Sometimes the pregnancy will progress farther and you will sit on the possibility of the pregnancy progressing properly, safely, with the baby in your arms at the end of nine months. You will balance between hope and fear. Straddling them both as you breathe through your days, hoping that the bleeding doesn't commence or continue. Fearing that it will all just go away, as quickly as a breath.
Do you feel crazy through this?
Most of us do. Many of us have moments of calm and serenity, quickly followed by intense fear and even terror. Some of us start praying, (I did), when that was never a possibility before. Offering and bargaining. I know I did that. I shudder when I think what I offered to give up, just to have the pregnancy progress and the infertility to be behind me.
Working with Symbols of Infertility
There's a reason that a roller coaster is so often the symbol of infertility. The ups and downs are significant, the unexpected dips can make your belly sink so quickly that you have to hold onto something or gasp out loud.
I love roller coasters. There's a roller coaster that I have been on many times. Probably about twenty times over the last fifteen or so years.
I know where the dips are, where the curves are, what's coming next. I remember quite clearly the spots when my stomach will feel like it's been left thirty feet behind me.
And yet, each time, it feels unexpected and unmanageable.
Why don't we get used to it? Why don't we get used to the ups and downs of fertility treatment? Why don't we learn to modulate our reactions and expectations?
Hope you weren't expecting an answer.
For me, it was directly related to the amount that I cared and wanted my baby. I am a passionate person, about many things. This was different, life changing different. When the stakes are so high and the desire so much higher and then you throw in the expenses and the medications and the appointments and the possibility that it won't work, doesn't it make sense?
If you're feeling crazy, you are not alone.
Let us know how we can help. We are here.
Lisa Rosenthal's Google+
Wednesday is the day of the week that we have our medical pieces on PathtoFertility. The line up for the next several weeks is exciting in that several challenging topics are being tackled. Some of these subjects are not talked about very much and are difficult for patients to bring up with their fertility doctors or other medical care individuals. Although they are not talked about easily or openly, they are certainly on many of our mind’s and can often weigh heavily on our hearts as well. Please read these educational and informative blogs for a clear and comprehensive explanation and understanding of some tough subjects.
The first this Wednesday, is from Dr. Cynthia Murdock, of Reproductive Medicine Associates of CT. Dr. Murdock has been with the practice for over two years and has office hours in all three of RMACT’s offices (Norwalk, Danbury and Greenwich). Dr. Murdock writes about one of the most alarming things that can happen after a positive pregnancy test. Bleeding or staining in the first trimester of pregnancy is scary; Dr. Murdock explains what it can mean, what it generally doesn’t mean and what to do. Anyone, whether after an IVF (in vitro fertilization) or IUI (intrauterine) cycle or having become pregnant on one’s own, knows just how heart stopping it is to see any blood at all after a positive pregnancy test. It’s very reassuring to have a Board Certified Reproductive Endocrinologist tackle this upsetting subject and separate out the truly worrisome from the ordinary. Read this Wednesday to hear exactly what she has to say.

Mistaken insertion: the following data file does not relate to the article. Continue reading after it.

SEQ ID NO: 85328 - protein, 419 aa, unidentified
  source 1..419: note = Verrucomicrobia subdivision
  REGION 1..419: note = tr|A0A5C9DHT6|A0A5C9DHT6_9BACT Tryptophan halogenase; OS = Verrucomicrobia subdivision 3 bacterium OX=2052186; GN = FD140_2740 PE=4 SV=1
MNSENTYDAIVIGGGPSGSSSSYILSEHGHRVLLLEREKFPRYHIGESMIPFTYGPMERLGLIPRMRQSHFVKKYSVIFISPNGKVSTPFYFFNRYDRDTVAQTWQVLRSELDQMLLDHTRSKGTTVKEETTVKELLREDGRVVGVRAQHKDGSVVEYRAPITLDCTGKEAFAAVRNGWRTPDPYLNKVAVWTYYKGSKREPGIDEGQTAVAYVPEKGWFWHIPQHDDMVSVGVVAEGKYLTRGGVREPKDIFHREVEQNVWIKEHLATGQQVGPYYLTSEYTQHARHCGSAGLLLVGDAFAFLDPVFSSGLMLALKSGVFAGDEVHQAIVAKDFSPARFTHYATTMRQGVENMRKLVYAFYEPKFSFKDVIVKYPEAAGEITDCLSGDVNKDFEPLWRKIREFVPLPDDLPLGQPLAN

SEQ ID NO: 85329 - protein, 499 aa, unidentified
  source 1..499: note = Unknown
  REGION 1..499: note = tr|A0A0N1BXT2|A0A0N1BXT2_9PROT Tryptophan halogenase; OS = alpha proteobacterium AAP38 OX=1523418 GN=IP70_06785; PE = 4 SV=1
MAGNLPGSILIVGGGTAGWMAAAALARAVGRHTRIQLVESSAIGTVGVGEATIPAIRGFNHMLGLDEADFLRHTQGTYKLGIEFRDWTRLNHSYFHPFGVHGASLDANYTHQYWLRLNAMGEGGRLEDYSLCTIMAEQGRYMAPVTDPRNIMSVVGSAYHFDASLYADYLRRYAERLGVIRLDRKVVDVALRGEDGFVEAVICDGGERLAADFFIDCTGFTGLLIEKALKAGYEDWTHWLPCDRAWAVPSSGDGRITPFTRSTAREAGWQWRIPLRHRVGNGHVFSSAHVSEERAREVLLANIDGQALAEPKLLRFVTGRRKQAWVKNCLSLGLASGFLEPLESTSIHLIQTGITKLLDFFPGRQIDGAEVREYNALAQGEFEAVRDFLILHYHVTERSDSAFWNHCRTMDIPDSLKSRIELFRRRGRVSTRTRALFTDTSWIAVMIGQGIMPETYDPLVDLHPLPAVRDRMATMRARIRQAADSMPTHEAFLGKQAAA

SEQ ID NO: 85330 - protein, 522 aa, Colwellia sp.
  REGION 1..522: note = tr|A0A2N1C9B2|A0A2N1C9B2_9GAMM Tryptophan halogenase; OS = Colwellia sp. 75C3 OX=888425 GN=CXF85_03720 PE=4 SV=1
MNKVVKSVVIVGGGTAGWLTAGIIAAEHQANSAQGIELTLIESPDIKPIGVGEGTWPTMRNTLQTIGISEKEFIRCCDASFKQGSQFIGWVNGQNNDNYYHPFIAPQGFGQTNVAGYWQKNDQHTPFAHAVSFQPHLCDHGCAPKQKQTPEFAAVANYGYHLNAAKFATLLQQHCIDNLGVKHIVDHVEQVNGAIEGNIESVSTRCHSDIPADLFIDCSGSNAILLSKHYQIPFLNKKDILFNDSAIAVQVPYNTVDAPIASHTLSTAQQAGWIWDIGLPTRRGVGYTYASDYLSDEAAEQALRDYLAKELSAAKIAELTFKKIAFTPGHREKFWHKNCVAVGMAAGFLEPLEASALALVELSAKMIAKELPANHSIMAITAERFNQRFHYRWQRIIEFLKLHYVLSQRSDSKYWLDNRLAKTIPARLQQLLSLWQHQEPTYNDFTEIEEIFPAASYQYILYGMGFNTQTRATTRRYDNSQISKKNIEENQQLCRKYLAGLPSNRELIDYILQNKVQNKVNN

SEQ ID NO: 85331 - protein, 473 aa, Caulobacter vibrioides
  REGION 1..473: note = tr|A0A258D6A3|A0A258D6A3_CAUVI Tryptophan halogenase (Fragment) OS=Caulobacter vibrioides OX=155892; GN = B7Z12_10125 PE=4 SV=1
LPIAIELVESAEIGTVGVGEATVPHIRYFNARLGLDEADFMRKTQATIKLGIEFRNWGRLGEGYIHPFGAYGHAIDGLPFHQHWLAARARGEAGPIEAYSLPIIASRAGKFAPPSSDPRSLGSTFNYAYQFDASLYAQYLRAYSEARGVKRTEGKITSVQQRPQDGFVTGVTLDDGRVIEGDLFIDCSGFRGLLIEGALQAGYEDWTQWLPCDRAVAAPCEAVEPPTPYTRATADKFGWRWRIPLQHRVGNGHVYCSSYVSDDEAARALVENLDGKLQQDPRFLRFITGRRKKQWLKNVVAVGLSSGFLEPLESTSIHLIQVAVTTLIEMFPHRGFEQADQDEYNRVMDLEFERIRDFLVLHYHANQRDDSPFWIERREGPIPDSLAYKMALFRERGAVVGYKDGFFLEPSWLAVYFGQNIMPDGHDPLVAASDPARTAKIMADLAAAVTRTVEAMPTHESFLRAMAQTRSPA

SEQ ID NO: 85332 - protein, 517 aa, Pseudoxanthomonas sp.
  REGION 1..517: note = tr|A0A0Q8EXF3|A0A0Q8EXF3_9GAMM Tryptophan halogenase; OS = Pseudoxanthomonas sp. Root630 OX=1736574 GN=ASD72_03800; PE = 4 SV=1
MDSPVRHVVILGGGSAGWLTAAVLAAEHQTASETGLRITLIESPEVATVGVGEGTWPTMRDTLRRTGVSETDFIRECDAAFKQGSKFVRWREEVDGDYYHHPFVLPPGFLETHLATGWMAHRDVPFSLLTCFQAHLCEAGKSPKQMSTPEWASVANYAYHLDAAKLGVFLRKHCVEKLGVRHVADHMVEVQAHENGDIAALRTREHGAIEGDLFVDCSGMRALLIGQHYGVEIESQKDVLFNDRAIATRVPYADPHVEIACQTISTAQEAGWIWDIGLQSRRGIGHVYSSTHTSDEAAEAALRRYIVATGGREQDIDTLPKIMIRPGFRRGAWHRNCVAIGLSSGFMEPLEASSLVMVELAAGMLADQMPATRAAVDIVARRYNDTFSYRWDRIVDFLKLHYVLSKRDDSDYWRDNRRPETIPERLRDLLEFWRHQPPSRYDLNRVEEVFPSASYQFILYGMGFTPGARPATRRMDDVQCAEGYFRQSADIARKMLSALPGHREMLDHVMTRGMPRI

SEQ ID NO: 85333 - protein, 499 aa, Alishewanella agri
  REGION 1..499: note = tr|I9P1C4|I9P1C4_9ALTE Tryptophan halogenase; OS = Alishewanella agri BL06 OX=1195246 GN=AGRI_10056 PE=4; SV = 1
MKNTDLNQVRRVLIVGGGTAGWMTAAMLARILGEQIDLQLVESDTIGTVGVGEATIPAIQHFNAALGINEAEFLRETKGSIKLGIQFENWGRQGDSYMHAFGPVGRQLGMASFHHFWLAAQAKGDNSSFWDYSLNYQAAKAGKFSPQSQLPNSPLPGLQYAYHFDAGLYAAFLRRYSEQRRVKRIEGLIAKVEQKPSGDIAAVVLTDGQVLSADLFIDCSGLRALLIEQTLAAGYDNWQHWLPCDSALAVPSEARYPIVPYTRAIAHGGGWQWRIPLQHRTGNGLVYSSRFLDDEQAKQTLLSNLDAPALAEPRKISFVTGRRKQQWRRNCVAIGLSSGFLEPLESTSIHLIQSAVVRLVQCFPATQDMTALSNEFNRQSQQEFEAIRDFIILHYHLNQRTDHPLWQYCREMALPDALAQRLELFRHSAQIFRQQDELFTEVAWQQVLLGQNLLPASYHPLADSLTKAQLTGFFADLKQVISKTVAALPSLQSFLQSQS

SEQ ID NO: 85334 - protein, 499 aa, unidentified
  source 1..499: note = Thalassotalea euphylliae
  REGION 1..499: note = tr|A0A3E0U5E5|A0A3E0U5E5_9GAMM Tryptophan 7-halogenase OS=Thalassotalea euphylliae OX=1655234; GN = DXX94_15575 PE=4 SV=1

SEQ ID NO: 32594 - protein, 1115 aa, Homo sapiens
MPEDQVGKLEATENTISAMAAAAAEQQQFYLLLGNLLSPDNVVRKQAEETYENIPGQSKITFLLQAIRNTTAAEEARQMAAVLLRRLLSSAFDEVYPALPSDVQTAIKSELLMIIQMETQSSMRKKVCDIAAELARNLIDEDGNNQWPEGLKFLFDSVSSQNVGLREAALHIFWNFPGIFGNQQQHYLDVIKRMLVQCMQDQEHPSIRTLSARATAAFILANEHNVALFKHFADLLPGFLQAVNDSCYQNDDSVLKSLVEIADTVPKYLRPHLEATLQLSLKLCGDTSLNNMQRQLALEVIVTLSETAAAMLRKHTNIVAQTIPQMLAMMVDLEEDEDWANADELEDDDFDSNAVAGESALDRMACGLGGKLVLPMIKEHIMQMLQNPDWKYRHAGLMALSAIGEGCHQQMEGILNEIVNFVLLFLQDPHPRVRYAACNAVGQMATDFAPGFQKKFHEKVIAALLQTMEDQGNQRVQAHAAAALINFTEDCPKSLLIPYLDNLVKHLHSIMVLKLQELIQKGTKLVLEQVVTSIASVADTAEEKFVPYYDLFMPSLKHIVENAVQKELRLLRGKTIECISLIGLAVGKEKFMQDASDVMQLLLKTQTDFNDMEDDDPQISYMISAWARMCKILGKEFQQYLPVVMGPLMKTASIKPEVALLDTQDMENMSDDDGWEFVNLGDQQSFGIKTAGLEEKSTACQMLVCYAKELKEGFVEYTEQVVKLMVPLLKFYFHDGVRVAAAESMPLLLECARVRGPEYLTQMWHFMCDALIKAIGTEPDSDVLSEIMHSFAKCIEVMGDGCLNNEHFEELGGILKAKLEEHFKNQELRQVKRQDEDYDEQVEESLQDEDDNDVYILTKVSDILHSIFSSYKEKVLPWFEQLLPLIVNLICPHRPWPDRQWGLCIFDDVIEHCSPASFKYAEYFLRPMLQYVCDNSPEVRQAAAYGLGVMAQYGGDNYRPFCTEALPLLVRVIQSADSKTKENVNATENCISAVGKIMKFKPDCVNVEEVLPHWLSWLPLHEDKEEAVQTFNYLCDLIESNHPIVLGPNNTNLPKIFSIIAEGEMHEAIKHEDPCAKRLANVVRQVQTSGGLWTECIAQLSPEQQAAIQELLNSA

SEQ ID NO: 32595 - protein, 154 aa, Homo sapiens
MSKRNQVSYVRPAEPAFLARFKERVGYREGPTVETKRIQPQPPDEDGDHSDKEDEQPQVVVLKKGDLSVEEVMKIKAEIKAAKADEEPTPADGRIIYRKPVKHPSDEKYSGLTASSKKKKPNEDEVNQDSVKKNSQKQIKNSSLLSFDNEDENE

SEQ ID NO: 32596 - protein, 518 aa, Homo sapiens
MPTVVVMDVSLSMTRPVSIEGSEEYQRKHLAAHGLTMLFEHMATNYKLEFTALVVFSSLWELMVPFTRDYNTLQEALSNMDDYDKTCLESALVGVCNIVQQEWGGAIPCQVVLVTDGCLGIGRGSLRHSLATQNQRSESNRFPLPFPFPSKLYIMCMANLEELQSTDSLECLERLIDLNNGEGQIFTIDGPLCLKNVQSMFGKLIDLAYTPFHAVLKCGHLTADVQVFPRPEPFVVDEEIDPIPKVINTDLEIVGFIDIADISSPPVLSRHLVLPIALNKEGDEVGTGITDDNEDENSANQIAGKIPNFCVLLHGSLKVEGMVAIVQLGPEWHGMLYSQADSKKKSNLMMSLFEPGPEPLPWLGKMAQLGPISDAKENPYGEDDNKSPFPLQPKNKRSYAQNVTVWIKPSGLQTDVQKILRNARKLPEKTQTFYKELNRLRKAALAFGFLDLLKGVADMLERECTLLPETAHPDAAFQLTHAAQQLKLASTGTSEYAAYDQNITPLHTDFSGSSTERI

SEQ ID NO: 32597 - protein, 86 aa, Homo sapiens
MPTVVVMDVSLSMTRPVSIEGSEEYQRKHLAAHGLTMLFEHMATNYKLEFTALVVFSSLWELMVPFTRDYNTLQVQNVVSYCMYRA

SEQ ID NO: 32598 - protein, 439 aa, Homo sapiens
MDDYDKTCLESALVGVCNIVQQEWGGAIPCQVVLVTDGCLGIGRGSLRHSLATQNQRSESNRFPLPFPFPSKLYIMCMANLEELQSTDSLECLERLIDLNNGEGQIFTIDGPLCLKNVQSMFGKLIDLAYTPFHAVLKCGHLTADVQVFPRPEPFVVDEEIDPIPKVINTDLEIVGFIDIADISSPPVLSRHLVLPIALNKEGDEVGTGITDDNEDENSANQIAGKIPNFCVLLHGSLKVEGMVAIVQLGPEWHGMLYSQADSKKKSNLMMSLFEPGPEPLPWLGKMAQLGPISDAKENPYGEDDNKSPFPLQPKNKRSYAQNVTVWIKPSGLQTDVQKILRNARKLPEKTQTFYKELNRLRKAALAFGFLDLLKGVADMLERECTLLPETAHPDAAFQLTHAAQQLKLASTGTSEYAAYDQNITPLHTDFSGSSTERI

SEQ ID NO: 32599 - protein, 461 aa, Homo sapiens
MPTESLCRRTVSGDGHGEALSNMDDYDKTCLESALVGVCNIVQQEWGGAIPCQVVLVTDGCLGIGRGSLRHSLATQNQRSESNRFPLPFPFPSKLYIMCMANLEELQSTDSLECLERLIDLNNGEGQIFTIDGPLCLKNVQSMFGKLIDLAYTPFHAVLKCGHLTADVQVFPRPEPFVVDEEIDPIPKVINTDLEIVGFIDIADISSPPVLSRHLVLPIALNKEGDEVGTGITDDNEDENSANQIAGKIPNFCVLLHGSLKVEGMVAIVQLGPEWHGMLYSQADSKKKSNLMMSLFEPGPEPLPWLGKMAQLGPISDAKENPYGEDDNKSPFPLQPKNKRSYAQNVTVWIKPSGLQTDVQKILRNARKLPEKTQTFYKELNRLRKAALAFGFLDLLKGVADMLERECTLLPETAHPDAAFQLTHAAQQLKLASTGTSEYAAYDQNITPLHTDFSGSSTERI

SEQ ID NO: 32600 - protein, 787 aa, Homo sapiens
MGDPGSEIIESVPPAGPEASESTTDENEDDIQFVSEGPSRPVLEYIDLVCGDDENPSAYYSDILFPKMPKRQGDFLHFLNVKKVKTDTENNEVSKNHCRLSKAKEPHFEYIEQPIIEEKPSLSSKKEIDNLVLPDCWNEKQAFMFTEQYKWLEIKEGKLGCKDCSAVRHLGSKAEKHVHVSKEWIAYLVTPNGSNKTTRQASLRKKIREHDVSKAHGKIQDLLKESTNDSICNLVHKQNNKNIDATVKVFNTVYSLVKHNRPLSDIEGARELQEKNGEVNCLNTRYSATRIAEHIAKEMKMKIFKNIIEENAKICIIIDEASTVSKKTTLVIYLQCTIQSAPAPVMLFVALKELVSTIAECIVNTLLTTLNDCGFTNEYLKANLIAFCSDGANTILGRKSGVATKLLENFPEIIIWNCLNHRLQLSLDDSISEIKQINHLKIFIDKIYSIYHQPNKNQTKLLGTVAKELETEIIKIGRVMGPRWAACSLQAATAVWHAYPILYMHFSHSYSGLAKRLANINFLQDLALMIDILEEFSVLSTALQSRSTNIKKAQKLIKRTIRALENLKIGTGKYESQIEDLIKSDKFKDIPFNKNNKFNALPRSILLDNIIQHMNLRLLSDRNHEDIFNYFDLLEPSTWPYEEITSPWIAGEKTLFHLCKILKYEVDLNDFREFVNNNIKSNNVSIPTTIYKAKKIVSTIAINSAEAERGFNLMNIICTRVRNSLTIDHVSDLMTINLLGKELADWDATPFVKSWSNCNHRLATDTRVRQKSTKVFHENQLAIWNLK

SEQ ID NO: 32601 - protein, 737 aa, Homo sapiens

Next Wednesday is a thought provoking blog written by Jane Elisofon, MSW. Jane is one of the two mental health professionals who work with Reproductive Medicine Associates of CT. (Dr. Lisa Tuttle works in our Norwalk office.) Jane sees and counsels couples and individuals; evaluates donor situations; facilitates support groups, and on occasion writes wonderful blogs. This particular blog is on how a woman’s feelings about a previous abortion in one’s life may continue to affect her through her life, and particularly as she enters infertility treatment. If you are one of the many women who experienced an abortion, then you know just how conflicting the feelings can be around this subject. Jane’s blog is non-judgmental and compassionate while giving solid support and useful advice on how to manage such a difficult subject.
Dr. Spencer Richlin (Surgical Director of Reproductive Medicine Associates of CT) will be up the Wednesday after that, writing about fertility preservation. He writes about patients who have been helped by pre-counseling after getting a diagnosis of cancer. While the diagnosis of cancer and subsequent treatment is devastating enough, to a woman of reproductive years that has either not started or not completed their family, it can feel even more hopeless. How reassuring to read Dr. Richlin’s blog and find out about the procedures that can be done prior to cancer treatment to enable a woman to become pregnant and have a child after treatment.
Thank you to all three of these Reproductive Medicine Associates of CT professionals for taking on uncomfortable, challenging subjects so that infertility patients can breathe a sign of relief, understand what their options are and know that you are not alone on this path to fertility.